Blessings,
Heather
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Unread 04-23-2007, 05:28 PM   #12
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just a thought....

Try calling your pain doc and have THEM call the OB/GYN. Often doctors can get you in to other doctors much quicker than they will see you if you call yourself. If you tell the pain doc you found an OB that will take you...give them the date of the appointment you have made...and ask if they will call for you to see about moving the appointment up. He/she could well speed things along for you. If this does not work, call the OB back and ask if they have a cancellation list that you can get on. That way, if anyone cancels an appointment you might be moved up. If you can go in any day any time without much notice - tell them that. Might help move you up the cancellation list.

Good luck to you!
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Unread 04-23-2007, 08:29 PM   #13
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Originally Posted by daylilyfan View Post
just a thought....

Try calling your pain doc and have THEM call the OB/GYN. Often doctors can get you in to other doctors much quicker than they will see you if you call yourself. If you tell the pain doc you found an OB that will take you...give them the date of the appointment you have made...and ask if they will call for you to see about moving the appointment up. He/she could well speed things along for you. If this does not work, call the OB back and ask if they have a cancellation list that you can get on. That way, if anyone cancels an appointment you might be moved up. If you can go in any day any time without much notice - tell them that. Might help move you up the cancellation list.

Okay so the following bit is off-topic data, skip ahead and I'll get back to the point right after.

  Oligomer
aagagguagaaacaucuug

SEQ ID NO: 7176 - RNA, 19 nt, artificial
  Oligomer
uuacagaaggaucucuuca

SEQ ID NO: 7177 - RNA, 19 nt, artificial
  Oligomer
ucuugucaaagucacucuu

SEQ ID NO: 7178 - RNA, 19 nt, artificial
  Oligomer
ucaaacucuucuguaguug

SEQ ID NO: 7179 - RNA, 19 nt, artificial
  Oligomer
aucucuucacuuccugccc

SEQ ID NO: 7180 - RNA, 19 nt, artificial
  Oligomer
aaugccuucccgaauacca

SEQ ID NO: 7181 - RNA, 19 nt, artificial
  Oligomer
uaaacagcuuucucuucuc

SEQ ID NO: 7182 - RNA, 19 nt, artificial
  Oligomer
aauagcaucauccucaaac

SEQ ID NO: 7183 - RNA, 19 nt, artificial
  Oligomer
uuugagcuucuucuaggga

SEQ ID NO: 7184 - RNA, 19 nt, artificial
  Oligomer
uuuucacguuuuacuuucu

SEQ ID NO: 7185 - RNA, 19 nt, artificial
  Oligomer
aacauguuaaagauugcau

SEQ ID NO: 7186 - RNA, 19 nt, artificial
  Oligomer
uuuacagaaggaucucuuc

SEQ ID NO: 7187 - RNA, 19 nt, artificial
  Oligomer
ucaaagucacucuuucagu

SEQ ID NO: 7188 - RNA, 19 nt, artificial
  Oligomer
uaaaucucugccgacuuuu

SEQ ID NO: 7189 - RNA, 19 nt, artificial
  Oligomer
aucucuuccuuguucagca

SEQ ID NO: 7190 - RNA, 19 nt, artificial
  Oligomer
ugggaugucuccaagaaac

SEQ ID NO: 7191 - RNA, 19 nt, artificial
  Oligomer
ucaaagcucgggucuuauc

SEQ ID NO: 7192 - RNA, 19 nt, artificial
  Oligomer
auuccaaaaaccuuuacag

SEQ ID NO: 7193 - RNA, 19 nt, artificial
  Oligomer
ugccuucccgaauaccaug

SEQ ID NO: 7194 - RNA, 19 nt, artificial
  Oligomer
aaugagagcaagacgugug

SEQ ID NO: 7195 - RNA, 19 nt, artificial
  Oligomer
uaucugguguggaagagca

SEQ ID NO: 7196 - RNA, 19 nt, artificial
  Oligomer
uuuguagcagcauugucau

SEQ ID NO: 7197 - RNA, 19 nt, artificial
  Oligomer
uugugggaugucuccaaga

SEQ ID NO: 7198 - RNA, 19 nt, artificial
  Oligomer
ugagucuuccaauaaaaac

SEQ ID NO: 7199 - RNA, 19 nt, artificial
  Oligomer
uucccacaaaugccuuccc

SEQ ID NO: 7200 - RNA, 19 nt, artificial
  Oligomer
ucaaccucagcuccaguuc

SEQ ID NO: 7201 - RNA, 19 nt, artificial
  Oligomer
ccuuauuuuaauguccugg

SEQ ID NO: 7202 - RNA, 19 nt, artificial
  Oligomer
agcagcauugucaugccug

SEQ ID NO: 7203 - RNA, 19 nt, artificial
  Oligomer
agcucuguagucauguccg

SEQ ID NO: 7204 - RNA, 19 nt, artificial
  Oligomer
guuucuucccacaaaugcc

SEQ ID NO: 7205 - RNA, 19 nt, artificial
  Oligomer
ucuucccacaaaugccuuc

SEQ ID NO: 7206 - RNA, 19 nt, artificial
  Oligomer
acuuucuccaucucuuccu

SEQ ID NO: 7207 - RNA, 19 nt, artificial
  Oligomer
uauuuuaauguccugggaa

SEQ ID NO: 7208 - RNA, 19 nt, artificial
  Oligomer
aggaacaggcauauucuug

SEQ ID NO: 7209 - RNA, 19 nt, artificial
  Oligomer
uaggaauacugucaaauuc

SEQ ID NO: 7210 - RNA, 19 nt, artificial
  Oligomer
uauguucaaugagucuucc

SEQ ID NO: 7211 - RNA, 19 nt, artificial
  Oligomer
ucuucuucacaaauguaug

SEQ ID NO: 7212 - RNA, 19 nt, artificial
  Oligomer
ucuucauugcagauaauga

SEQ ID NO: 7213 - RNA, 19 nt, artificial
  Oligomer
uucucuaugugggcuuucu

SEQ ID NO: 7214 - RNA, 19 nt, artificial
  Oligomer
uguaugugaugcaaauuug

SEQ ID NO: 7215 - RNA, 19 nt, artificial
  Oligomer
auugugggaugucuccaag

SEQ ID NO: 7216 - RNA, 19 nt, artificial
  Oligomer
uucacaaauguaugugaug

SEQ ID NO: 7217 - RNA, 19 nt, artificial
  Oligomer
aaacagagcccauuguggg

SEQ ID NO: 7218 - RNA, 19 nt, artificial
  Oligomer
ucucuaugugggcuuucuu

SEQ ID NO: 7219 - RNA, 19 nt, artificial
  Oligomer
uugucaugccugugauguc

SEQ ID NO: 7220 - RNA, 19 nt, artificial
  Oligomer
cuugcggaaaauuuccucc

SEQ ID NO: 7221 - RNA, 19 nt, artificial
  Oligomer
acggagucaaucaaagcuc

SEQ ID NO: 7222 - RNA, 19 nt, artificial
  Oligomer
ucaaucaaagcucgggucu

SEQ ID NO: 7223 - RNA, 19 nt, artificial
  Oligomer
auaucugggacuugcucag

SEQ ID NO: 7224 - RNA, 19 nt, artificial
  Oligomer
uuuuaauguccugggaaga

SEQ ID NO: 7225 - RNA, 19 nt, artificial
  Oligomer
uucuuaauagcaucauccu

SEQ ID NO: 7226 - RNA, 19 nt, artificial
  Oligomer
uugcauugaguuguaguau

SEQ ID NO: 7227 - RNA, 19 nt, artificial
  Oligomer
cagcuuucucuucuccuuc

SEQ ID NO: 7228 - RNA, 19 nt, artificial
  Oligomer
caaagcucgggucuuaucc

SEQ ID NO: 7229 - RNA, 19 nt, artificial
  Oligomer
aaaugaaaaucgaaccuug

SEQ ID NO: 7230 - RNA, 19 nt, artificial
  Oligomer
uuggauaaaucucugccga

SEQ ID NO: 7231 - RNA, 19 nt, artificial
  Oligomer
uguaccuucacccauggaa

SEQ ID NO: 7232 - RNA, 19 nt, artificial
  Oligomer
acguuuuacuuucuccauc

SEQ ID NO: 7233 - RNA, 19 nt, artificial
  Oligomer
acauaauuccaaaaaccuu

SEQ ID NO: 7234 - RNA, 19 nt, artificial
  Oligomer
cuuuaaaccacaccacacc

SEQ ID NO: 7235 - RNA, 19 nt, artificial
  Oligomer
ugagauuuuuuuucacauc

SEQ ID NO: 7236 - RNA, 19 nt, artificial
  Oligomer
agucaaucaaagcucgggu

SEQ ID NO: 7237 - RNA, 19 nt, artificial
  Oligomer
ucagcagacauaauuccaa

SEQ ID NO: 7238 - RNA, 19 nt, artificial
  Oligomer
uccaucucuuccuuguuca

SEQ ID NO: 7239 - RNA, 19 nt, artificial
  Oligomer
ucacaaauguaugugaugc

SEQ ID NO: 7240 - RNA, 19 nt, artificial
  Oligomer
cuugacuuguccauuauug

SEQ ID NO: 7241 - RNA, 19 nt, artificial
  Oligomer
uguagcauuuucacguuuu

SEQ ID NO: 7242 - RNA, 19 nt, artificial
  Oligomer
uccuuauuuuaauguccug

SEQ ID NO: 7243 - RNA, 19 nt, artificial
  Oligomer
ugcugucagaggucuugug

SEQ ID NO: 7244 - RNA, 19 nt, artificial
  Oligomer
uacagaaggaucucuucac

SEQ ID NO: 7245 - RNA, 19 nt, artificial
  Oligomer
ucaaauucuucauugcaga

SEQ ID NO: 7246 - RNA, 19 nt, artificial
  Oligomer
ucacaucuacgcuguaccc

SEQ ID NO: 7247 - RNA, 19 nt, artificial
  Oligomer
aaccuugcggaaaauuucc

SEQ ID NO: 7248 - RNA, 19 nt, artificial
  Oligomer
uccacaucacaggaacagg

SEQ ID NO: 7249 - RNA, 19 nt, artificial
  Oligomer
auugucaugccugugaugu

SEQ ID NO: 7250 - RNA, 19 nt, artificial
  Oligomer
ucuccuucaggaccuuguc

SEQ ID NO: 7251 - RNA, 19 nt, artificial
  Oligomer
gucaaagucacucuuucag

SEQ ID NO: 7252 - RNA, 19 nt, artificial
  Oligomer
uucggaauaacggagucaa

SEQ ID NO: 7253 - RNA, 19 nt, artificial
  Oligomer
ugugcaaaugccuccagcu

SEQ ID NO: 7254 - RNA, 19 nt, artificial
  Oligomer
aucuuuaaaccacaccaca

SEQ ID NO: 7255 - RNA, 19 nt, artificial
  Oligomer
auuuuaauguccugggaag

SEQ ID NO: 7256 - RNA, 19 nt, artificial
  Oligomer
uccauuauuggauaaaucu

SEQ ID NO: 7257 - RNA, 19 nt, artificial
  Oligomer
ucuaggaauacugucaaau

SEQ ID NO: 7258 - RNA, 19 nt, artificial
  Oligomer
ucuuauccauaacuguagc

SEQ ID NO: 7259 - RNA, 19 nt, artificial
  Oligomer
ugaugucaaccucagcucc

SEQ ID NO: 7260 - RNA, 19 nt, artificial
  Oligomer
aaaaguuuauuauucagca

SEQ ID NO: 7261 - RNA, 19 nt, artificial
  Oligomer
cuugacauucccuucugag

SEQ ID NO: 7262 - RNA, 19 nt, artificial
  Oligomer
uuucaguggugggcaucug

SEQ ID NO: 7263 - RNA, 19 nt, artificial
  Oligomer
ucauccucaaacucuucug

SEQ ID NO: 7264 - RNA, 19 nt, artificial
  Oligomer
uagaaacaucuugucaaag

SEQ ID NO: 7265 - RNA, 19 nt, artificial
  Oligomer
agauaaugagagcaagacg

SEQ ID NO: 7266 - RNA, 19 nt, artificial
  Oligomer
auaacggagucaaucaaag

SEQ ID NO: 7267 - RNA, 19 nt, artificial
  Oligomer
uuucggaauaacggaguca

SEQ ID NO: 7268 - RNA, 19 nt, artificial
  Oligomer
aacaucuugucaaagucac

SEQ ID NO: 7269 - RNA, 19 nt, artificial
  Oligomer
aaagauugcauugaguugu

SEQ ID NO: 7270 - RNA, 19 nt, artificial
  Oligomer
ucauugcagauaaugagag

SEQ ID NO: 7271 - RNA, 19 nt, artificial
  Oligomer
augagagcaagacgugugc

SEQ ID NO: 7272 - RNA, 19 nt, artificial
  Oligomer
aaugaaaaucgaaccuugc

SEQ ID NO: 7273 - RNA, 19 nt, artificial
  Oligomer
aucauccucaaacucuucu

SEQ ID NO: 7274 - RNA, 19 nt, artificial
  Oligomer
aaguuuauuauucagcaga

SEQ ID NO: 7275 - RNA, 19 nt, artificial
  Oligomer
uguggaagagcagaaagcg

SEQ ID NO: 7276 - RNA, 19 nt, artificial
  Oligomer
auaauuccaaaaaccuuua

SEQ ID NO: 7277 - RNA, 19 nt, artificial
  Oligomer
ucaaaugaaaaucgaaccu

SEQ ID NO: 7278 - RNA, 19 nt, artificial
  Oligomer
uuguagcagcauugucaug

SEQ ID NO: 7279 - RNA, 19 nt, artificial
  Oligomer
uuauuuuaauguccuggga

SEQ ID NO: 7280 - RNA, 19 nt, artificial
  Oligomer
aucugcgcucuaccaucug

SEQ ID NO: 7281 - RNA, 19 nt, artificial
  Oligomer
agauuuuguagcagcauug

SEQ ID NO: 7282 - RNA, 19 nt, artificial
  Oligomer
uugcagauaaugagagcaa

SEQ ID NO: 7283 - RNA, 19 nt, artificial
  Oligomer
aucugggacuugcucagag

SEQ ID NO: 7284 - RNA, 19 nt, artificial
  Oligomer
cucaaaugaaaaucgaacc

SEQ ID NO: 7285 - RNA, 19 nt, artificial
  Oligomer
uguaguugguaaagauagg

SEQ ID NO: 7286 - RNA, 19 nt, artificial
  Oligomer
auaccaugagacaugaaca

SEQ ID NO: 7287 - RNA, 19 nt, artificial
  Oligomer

Good luck to you!

Thanks for your advice.
My Pain Clinic is so unorganized. I go to a sister location to the mother location, where are the calls are placed, surgeries are scheduled, etc. I am only 3 days away from my ultrasound and I see my OB on MON for the consultation and results of the US. By the time that they get all my info squared away at the Pain office, I will be on having my second child.

I just see and read all these horror stories about the first trimester. So, I am scared. It's my 1st child and having RSD is stressful enough. Man, WE are strong aren't WE?

I will let you all know what the dr's advice was..

Thanks,
Heather
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Unread 04-23-2007, 08:54 PM   #14
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Hi Heather

Vic, you were right, I found my way in here!

I've had two pregnancies since my rsd started, but also had two children before then. When my rsd started Bailey was 2 and Olivia was only 7 months, so in a way I've dealt with three babies since rsd.